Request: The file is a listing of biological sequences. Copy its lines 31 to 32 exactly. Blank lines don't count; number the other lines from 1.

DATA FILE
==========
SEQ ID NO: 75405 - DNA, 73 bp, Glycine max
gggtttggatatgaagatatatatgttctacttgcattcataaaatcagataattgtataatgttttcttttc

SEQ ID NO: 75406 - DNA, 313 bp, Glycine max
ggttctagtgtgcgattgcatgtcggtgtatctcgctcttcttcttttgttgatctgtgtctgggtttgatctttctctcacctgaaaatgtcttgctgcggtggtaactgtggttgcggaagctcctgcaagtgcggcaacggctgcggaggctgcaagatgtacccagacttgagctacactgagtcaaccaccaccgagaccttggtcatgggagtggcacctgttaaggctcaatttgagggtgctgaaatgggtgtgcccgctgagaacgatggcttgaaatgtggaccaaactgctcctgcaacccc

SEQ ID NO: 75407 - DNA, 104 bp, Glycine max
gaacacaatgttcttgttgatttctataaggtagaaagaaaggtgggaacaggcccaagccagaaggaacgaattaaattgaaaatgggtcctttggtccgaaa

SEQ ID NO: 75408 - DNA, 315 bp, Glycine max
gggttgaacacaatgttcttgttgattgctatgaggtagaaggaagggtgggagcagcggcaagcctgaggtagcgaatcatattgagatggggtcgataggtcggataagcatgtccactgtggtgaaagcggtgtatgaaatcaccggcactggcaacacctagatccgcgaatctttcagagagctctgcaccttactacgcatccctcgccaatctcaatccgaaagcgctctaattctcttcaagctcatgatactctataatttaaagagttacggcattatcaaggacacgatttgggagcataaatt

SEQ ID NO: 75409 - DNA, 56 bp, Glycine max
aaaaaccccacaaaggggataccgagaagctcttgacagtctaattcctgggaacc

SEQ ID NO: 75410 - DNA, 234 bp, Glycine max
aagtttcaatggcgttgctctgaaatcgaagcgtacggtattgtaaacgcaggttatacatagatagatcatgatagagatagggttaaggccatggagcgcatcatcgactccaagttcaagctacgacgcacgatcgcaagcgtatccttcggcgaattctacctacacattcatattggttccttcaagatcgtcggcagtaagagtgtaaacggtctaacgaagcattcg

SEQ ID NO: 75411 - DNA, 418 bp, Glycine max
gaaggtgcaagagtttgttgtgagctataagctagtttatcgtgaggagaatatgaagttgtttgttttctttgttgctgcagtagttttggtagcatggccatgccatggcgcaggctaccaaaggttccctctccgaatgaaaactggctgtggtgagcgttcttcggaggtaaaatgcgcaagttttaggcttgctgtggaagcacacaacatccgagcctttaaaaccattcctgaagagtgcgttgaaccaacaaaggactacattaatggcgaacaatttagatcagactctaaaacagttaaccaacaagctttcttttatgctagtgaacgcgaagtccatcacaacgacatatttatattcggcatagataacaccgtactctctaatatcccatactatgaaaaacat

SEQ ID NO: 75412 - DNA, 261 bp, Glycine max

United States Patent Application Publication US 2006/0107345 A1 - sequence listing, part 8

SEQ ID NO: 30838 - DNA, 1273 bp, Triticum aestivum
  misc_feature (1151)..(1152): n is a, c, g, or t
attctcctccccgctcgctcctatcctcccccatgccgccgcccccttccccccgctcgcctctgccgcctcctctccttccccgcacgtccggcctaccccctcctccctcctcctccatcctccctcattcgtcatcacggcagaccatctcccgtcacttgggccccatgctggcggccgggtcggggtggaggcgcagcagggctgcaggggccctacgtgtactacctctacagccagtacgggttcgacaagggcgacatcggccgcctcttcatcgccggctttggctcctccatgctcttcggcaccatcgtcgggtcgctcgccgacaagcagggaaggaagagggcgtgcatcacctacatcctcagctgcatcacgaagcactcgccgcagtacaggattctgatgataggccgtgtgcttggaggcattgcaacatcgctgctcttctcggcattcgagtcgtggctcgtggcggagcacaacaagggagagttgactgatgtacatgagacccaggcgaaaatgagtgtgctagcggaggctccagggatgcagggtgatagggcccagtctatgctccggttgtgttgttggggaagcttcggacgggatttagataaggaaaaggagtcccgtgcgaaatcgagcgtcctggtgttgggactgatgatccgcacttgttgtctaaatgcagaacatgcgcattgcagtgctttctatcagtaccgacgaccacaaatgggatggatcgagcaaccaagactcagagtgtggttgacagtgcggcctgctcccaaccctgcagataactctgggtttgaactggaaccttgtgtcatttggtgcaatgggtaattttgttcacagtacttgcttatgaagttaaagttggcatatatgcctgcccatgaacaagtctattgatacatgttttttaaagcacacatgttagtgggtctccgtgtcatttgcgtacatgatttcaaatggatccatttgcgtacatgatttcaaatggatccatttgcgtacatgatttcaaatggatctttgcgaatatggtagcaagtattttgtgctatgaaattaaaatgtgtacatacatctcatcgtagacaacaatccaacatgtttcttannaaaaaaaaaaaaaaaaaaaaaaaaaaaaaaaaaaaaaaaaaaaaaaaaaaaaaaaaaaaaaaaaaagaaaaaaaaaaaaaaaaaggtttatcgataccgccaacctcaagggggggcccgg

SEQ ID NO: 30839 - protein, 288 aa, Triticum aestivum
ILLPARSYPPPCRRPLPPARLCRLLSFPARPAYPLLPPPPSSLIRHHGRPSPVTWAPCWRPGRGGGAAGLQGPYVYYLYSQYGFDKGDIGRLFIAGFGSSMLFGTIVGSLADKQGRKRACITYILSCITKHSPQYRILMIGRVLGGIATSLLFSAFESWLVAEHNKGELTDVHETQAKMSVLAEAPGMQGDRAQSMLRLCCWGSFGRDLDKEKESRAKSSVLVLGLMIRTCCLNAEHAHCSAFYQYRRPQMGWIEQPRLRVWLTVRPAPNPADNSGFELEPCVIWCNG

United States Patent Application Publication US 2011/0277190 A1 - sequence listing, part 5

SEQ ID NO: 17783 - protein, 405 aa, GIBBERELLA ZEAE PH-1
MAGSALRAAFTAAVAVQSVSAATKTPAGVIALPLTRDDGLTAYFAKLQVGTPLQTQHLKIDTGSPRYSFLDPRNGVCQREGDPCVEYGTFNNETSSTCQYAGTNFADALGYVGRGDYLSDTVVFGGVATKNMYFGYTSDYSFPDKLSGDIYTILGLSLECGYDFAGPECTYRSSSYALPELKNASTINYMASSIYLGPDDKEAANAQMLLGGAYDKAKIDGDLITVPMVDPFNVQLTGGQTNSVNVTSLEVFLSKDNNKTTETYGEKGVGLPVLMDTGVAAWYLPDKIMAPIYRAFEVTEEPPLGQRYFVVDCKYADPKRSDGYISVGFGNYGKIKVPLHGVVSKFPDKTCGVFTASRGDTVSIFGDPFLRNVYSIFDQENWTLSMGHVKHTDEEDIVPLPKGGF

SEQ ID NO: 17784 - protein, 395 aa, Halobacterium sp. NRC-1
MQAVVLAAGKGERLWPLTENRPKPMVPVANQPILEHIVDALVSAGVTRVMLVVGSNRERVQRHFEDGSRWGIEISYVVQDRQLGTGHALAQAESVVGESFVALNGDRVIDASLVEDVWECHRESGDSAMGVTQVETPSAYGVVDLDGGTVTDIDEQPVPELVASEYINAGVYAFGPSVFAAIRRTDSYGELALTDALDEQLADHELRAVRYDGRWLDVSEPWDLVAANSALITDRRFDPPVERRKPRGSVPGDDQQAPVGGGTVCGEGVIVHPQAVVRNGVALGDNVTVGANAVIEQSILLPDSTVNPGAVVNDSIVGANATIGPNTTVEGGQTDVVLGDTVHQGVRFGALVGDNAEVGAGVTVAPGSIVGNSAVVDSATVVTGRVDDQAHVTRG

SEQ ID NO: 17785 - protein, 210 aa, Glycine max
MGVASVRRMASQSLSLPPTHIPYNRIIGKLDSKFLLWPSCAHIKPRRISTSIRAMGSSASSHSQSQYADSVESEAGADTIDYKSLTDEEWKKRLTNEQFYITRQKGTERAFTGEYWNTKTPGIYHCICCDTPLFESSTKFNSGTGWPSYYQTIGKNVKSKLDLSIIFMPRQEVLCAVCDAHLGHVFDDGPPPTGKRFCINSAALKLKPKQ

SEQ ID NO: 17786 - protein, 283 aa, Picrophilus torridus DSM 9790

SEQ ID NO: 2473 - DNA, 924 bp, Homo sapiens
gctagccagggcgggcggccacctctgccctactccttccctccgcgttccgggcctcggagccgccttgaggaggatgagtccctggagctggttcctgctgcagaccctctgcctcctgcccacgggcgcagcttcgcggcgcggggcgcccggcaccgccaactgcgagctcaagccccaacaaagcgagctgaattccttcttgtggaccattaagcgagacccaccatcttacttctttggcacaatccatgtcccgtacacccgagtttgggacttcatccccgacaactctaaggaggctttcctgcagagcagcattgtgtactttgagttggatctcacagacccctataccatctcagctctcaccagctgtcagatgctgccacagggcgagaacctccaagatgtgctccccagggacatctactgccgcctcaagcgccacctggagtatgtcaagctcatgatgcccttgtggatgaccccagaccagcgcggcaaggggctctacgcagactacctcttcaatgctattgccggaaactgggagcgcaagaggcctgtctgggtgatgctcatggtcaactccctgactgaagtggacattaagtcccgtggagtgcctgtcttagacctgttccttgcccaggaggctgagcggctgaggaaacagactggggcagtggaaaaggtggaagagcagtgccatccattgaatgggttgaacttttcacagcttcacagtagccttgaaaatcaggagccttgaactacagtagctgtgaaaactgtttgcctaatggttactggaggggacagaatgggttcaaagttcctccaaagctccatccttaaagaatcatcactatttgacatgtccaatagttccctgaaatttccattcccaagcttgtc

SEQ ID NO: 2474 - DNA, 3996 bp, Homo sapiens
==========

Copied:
gctagccagggcgggcggccacctctgccctactccttccctccgcgttccgggcctcggagccgccttgaggaggatgagtccctggagctggttcctgctgcagaccctctgcctcctgcccacgggcgcagcttcgcggcgcggggcgcccggcaccgccaactgcgagctcaagccccaacaaagcgagctgaattccttcttgtggaccattaagcgagacccaccatcttacttctttggcacaatccatgtcccgtacacccgagtttgggacttcatccccgacaactctaaggaggctttcctgcagagcagcattgtgtactttgagttggatctcacagacccctataccatctcagctctcaccagctgtcagatgctgccacagggcgagaacctccaagatgtgctccccagggacatctactgccgcctcaagcgccacctggagtatgtcaagctcatgatgcccttgtggatgaccccagaccagcgcggcaaggggctctacgcagactacctcttcaatgctattgccggaaactgggagcgcaagaggcctgtctgggtgatgctcatggtcaactccctgactgaagtggacattaagtcccgtggagtgcctgtcttagacctgttccttgcccaggaggctgagcggctgaggaaacagactggggcagtggaaaaggtggaagagcagtgccatccattgaatgggttgaacttttcacagcttcacagtagccttgaaaatcaggagccttgaactacagtagctgtgaaaactgtttgcctaatggttactggaggggacagaatgggttcaaagttcctccaaagctccatccttaaagaatcatcactatttgacatgtccaatagttccctgaaatttccattcccaagcttgtc

SEQ ID NO: 2474 - DNA, 3996 bp, Homo sapiens